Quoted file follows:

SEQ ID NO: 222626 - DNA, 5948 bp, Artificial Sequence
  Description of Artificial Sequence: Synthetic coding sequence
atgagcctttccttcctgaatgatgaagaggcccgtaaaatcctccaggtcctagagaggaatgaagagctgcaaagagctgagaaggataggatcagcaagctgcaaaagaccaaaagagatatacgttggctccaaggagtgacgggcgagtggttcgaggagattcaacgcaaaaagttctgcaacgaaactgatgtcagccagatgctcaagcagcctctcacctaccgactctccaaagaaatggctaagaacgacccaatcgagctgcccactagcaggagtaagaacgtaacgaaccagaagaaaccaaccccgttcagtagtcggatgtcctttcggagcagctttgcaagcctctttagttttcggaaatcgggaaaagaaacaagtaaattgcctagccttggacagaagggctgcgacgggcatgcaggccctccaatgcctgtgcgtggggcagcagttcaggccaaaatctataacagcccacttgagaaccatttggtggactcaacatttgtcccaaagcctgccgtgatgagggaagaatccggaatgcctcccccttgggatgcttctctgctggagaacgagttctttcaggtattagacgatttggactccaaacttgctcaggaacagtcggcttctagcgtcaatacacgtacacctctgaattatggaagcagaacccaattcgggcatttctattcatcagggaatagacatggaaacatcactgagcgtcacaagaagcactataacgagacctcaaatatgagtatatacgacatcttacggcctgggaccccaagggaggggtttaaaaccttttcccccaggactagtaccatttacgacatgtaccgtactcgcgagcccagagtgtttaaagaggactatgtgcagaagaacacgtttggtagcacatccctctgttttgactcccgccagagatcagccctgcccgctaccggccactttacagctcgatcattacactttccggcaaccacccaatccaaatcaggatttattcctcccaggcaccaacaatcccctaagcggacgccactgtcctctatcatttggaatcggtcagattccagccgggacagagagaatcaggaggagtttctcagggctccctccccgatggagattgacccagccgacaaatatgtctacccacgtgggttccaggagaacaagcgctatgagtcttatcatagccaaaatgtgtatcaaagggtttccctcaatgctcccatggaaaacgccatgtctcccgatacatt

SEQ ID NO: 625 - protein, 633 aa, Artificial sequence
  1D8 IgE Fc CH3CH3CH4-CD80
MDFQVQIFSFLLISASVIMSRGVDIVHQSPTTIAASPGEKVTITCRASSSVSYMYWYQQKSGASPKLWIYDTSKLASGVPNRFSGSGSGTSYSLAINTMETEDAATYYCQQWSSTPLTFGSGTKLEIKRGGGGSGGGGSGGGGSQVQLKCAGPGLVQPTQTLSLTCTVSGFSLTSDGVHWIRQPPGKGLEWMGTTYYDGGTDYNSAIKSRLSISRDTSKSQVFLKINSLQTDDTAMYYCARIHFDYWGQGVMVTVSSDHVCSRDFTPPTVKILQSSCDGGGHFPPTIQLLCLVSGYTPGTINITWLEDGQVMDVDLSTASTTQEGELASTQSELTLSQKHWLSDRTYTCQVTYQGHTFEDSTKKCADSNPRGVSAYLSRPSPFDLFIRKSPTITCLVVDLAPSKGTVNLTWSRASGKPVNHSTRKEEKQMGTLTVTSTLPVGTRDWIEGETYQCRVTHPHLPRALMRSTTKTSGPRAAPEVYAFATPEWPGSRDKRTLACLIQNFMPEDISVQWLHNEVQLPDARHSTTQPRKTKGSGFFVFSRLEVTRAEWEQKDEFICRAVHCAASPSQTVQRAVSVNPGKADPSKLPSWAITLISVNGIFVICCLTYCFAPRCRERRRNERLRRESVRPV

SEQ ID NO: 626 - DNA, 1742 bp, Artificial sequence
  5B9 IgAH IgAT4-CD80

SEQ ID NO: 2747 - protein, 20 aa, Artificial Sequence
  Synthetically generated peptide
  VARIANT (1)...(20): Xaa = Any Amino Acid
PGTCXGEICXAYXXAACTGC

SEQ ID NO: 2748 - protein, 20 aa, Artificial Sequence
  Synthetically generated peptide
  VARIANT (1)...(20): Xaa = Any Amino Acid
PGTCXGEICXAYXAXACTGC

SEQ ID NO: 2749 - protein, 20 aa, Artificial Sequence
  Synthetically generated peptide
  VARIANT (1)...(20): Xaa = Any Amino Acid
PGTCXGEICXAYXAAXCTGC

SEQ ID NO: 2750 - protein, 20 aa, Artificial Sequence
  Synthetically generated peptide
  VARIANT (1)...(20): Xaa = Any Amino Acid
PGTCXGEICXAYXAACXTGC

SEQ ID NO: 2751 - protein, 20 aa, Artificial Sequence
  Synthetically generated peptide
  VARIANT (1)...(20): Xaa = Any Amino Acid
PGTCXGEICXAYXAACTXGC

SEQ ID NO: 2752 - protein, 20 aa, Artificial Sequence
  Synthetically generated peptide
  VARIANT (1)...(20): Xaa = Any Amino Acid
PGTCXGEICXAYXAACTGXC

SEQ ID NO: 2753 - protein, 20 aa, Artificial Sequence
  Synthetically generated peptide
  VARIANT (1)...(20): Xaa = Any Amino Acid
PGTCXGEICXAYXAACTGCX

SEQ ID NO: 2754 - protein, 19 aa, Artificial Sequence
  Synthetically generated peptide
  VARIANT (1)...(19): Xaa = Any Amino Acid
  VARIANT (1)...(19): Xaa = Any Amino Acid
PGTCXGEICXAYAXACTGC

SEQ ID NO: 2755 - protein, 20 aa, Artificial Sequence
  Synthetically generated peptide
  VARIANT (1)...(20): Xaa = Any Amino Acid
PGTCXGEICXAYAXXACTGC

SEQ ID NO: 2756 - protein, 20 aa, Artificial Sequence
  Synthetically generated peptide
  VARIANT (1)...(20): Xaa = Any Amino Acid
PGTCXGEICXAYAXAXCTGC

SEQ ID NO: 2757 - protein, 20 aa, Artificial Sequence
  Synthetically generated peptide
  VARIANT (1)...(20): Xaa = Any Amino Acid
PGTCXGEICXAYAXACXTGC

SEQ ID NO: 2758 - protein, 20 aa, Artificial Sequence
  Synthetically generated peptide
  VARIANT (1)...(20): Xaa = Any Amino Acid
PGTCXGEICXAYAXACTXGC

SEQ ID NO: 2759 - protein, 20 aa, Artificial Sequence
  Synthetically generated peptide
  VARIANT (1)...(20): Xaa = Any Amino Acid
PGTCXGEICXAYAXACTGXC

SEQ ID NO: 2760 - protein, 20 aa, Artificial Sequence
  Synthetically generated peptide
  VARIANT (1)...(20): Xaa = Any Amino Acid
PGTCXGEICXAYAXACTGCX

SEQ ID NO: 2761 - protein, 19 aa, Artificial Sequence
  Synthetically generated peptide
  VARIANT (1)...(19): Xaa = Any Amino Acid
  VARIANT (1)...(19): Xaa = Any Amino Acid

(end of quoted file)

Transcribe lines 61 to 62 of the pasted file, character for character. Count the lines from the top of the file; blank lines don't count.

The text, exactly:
PGTCXGEICXAYAXACTGXC

SEQ ID NO: 2760 - protein, 20 aa, Artificial Sequence